Mine and civil engineers often make use of a variety of geotechnical instruments to monitor the status and movement within geological features and man-made structures, mostly as part of their safety management programs.
The data from these installed instruments is collected one of three ways:
- Manual Data Collection – A staff member moves through the site and connects a datalogger to each instrument in turn, reading data from the instruments one at a time (very slow and labour-intensive).
- Semi-Automatic Collection – A staff member moves through the site, stopping at intervals and using a wireless data collection system (often powered by a laptop or tablet with custom software installed) to read data from batches of instruments that are in range (faster than manual collection but still time-consuming).
- Fully Automatic Data Acquisition – All geotechnical instruments are connected to wireless nodes that in turn form part of a wireless mesh, point-to-point, or point-to-multipoint network (as relevant to the use case). This allows for data to be automatically collected at predetermined intervals and sent via the wireless network to a central point, where it is immediately available to engineers (in real-time, and there’s no need for anyone to visit the areas where instruments are located to collect data).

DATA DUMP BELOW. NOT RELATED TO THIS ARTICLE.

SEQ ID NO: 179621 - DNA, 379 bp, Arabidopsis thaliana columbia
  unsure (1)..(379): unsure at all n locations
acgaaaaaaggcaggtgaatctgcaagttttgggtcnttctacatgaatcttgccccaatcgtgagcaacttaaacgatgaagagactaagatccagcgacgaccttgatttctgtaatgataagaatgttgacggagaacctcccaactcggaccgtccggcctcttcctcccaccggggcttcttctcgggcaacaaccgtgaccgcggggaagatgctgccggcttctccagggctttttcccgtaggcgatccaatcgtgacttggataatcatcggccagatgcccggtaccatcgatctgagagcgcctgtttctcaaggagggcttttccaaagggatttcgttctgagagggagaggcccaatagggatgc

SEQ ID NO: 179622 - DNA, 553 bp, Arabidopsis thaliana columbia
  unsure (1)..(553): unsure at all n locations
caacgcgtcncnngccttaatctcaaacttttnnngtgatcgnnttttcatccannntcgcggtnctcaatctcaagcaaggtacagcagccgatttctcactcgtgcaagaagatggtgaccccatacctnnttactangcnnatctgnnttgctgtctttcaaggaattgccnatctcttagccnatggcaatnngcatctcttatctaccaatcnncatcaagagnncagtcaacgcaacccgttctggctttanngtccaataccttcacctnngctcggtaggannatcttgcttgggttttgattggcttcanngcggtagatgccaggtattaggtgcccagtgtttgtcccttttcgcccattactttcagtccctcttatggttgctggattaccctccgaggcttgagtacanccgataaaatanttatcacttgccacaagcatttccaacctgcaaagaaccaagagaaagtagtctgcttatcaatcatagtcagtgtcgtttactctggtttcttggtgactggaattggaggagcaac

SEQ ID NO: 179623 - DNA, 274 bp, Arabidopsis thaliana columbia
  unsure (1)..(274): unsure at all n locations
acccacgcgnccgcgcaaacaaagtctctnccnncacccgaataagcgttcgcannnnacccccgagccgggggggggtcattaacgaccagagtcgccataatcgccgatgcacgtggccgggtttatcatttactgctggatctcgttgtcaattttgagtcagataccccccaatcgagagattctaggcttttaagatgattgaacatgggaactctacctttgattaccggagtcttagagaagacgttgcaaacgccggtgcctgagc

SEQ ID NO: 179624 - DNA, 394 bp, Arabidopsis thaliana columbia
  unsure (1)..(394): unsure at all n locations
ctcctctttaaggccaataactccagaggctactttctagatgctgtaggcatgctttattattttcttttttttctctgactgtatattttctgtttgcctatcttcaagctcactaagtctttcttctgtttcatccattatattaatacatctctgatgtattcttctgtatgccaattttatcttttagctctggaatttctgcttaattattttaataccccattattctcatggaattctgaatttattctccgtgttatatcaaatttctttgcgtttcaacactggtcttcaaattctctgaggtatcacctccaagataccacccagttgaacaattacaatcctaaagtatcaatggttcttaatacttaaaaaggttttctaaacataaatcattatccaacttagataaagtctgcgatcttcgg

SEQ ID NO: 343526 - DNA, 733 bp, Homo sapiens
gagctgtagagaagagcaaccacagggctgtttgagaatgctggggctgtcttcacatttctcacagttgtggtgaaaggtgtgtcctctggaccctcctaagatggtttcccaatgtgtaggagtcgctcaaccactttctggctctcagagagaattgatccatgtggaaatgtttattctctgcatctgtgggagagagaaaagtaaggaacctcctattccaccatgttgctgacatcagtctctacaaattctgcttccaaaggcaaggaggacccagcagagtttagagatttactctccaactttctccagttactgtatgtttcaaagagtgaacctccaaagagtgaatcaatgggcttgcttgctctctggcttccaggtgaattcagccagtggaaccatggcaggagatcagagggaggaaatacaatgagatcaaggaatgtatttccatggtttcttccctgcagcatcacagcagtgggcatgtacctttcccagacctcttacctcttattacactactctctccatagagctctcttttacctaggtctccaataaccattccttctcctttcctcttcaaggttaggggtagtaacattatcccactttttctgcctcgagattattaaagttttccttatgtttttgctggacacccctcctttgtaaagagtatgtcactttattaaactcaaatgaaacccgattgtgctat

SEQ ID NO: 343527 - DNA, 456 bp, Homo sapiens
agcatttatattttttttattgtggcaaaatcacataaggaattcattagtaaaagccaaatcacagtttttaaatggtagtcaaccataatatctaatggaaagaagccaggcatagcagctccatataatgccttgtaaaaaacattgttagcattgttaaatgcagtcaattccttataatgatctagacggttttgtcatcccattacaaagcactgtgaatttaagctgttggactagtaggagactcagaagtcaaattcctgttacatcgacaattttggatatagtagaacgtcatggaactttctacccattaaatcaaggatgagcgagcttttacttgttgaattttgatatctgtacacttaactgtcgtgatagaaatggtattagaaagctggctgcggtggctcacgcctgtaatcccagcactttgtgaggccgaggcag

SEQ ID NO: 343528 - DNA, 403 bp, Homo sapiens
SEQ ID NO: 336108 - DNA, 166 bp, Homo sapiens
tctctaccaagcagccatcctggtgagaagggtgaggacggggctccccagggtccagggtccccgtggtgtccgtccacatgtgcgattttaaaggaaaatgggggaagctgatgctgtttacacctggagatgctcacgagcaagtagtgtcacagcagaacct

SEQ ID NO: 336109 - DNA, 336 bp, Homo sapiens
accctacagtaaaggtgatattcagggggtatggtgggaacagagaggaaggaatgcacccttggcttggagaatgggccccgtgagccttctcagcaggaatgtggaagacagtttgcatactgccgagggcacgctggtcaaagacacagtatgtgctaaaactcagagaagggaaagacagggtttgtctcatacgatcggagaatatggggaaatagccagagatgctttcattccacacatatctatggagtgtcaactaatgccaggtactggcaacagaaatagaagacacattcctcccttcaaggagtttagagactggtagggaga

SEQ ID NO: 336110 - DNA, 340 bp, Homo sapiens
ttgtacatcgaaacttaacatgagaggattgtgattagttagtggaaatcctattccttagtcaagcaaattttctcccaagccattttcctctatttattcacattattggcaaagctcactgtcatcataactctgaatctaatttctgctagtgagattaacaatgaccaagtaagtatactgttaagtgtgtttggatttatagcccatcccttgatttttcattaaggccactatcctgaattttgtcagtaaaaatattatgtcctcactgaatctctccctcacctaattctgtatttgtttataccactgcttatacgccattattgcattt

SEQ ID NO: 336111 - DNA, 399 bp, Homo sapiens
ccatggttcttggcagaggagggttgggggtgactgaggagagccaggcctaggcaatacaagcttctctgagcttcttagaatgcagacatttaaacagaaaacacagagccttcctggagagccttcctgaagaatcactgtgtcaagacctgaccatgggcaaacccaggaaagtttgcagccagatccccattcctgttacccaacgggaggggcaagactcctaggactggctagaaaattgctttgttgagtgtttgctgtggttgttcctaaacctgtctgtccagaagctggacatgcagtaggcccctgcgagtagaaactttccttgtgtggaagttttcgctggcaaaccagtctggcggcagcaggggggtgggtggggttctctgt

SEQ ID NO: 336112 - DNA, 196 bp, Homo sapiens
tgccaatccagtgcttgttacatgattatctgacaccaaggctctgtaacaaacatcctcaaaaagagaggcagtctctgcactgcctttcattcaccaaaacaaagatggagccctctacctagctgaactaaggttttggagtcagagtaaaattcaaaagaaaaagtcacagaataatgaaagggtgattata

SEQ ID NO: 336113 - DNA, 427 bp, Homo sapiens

In most sizeable modern mines or substantial tunneling and other civils projects, automatic data acquisition makes more sense than manual or semi-automatic collection.
This can be easily achieved by linking up an array of different geotechnical instruments to a comprehensive monitoring system, via wireless nodes, like those manufactured by world-class technology providers Newtrax (ideal for use in underground mines) and Loadsensing (well-suited to surface/open-pit mining, tunneling, and other large civil engineering projects).
Contact us now to find out more about how to set up an automatic data acquisition system for your geotechnical instruments.